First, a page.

What Scents Do Mice Hate?

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Field mice are tiny visitors that can cause a big problem.

The sight of a mouse in your home can send chills up your spine. Rodents will often come into a home when the temperature outside is at either extremes. Many people feel uncomfortable trapping or killing mice, and most would prefer to just deter them from ever entering the home. Fortunately, the mouse you saw does not have to be a permanent house guest, as there are a few scents mice absolutely hate.


Mice hate the smell of peppermint, according to Tips and Tricks. No one seems to be sure why they can't stand the smell of the mint plant, but they have been known to vacate the premises when fresh mint has been scattered about. Get a few plants from your local home supply or garden store, and keep them potted for occasional pruning and sprinkling. Just having the plants in the room probably won't suffice, grind up some of the leaves to increase the smells potency.

Cat Hair

Many people are allergic to cat hair and, perhaps understandably, mice seem to not be fans of the stuff. If you have a friend with a cat, or a feline friend of your own, take some of their hair harvested with a cat comb to the area you want to keep mouse-free. Sprinkle the hair around and you are unlikely to see any of the rodents hanging around.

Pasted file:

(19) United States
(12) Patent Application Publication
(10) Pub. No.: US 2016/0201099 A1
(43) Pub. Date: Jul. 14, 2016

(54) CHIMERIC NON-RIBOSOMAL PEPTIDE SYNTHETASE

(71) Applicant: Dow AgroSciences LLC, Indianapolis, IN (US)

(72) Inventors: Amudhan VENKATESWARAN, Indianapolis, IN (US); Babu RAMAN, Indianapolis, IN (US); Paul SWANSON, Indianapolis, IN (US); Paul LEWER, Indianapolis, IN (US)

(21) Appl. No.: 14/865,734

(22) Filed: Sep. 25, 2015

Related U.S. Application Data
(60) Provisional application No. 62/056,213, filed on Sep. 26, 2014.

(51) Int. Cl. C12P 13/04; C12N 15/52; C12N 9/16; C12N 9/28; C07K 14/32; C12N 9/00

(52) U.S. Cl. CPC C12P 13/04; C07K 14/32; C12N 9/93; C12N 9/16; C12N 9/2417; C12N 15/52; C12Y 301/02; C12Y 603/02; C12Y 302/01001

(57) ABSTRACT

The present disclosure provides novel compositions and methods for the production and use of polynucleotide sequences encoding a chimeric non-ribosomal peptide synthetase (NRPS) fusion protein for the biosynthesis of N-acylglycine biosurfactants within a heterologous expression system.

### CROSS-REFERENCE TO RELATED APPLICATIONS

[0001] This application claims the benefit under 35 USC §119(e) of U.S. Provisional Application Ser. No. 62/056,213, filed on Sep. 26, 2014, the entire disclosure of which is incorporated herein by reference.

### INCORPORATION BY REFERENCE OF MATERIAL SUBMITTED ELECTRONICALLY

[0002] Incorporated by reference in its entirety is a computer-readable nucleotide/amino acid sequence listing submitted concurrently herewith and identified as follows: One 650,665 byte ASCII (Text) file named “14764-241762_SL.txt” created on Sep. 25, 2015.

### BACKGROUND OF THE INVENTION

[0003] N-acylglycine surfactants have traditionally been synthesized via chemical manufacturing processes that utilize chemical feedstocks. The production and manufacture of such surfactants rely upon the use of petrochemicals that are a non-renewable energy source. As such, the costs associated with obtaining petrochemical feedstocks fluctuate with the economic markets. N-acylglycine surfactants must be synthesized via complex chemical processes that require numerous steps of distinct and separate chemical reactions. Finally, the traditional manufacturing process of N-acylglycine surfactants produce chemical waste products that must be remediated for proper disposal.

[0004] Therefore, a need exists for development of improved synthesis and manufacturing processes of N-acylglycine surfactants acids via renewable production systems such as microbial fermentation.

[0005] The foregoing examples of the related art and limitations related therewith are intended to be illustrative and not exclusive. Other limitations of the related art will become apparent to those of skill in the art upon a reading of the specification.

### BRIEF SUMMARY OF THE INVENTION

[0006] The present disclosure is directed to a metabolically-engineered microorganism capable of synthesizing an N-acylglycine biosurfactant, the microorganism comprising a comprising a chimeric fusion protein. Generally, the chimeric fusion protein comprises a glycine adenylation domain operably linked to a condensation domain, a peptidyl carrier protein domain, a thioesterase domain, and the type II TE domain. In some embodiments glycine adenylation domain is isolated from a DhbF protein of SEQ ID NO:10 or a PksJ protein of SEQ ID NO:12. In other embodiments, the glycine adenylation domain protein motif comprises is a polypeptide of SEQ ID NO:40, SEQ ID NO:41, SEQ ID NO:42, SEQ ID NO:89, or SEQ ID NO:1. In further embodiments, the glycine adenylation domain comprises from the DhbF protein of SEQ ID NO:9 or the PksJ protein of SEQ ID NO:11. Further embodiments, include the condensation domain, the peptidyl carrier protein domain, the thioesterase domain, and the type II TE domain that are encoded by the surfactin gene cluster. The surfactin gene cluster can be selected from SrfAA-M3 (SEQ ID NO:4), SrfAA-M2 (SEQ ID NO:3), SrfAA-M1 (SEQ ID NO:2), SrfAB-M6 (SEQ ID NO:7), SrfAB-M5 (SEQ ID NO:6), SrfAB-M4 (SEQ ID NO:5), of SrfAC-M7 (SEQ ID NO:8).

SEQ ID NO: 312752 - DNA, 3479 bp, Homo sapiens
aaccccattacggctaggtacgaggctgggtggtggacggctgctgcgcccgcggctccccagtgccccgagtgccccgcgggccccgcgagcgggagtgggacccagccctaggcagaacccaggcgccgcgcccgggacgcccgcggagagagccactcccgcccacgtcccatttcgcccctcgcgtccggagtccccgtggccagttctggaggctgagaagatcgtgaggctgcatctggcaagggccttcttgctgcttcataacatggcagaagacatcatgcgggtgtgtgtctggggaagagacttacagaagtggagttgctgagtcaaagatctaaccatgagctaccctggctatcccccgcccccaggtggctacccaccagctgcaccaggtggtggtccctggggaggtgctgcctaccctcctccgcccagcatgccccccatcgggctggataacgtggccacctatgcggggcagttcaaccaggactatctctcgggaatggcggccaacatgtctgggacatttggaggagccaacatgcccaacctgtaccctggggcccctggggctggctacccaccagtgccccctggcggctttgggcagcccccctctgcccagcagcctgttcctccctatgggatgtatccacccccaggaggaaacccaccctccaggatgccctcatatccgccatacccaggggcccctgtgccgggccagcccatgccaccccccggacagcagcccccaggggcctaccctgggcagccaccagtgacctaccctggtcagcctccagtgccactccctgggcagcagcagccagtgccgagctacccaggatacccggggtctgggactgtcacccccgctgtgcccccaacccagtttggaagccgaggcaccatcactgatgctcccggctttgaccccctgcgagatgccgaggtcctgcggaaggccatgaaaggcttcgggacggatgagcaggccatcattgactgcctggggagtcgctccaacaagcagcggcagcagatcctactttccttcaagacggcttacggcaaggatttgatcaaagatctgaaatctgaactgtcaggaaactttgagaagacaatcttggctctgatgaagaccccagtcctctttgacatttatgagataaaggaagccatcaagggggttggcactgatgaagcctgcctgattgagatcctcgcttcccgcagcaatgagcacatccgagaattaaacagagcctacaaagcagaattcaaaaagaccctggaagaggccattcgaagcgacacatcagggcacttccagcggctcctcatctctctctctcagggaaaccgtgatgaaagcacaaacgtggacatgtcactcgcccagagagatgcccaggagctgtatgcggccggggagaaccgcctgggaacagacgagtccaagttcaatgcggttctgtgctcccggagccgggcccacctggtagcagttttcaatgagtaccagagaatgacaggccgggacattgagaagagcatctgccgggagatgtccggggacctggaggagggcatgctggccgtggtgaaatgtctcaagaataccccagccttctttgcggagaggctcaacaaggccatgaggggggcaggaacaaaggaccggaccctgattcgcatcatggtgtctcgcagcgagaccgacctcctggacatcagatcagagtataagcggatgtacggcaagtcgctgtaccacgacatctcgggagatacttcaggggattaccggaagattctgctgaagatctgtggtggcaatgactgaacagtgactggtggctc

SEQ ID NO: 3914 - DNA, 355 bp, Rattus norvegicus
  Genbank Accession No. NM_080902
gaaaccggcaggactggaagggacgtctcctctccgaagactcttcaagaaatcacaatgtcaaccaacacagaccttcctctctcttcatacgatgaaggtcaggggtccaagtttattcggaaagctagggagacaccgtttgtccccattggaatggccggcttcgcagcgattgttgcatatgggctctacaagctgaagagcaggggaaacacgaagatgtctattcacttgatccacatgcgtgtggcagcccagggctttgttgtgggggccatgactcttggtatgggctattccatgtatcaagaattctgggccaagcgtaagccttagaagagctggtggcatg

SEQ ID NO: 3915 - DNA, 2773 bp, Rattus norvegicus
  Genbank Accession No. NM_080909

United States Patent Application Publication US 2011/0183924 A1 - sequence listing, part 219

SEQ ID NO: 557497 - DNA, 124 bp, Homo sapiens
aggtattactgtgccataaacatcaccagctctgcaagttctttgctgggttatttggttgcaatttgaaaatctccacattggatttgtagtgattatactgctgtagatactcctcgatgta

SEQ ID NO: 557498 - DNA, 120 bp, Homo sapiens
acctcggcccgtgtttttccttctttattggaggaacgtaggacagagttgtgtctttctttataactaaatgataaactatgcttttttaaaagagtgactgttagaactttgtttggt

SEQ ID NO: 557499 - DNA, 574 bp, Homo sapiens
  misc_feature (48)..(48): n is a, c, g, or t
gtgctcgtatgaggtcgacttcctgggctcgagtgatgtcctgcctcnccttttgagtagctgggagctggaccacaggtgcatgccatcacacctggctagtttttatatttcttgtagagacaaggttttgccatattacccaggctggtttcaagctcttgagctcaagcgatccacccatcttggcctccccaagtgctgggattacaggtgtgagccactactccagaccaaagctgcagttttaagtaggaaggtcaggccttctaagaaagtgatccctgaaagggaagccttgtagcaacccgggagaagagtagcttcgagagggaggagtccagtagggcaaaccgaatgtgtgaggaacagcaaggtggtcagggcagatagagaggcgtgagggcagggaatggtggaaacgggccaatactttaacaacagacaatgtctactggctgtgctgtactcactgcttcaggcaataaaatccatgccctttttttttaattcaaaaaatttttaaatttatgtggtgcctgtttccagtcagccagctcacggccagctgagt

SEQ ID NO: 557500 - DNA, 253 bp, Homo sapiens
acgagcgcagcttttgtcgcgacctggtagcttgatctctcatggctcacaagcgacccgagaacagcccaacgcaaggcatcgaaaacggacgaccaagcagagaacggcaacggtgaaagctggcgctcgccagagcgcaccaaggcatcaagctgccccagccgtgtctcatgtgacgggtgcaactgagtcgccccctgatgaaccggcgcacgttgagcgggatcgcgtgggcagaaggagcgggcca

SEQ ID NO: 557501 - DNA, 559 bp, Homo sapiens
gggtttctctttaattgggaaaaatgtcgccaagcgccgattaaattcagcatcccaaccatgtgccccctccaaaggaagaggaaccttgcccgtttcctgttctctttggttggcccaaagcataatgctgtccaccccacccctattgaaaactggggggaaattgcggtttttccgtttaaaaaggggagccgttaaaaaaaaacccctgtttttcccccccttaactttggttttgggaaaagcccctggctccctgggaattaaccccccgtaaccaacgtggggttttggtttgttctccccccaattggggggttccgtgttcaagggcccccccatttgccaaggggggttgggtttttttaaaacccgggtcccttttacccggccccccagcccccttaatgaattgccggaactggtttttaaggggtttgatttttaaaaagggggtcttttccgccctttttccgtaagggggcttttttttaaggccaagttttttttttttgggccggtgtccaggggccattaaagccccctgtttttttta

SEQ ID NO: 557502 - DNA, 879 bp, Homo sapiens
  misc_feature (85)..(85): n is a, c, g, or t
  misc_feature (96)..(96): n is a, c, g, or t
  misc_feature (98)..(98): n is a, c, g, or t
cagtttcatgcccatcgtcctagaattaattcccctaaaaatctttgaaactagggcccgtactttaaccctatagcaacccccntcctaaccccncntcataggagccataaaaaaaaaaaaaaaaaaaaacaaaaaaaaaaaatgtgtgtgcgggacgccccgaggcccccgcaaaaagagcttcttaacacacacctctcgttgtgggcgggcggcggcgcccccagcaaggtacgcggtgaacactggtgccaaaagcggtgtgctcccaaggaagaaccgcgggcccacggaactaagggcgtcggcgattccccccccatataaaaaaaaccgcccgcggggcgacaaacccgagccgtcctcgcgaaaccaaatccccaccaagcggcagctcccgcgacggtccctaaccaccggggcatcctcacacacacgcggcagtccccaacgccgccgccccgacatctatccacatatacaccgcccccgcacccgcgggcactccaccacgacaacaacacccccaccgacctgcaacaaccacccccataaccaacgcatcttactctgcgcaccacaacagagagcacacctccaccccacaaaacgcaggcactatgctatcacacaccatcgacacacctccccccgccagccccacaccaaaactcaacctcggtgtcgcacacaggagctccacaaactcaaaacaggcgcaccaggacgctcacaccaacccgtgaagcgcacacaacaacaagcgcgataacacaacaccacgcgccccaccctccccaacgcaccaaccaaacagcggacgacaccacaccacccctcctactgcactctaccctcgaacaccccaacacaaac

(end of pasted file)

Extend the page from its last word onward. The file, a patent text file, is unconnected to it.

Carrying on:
Mothballs simultaneously keep moths away from your favorite wool sweater and make your whole wardrobe smell like grandma's house. One more useful application for the stinky little things is as a deterrent for rodents, according to The Fun Place. If you have a mouse in your wall, drill a few small holes and drop the mothballs in there to make the space a little less hospitable for your unwelcome friend.

Bay Leaves

In a similar fashion to peppermint, bay leaves can be used to persuade mice to choose a new cupboard, according to Grandma's Home Remedies. They are more expensive than peppermint, and more difficult to grow at home, but if you have access to some fresh bay leaf, crumble it and sprinkle it around where you would wish mice not be.

Cayenne Pepper

All mammals can taste, and smell, the chemical compounds that make hot peppers hot, according to The Fun Place. Sprinkling some cayenne pepper around will keep any little rodents from venturing in to the area. However, if you have pets, it will also keep them from feeling comfortable in the room and can cause eye irritation for cats and dogs.


Andrew Leahey

Andrew Leahey has been a writer since 1999, covering topics as varied as technology how-to guides and the politics of genetically modified organisms to African food supplies. He is pursuing his J.D. while renovating an 1887 farmhouse located in the New Jersey Pine Barrens.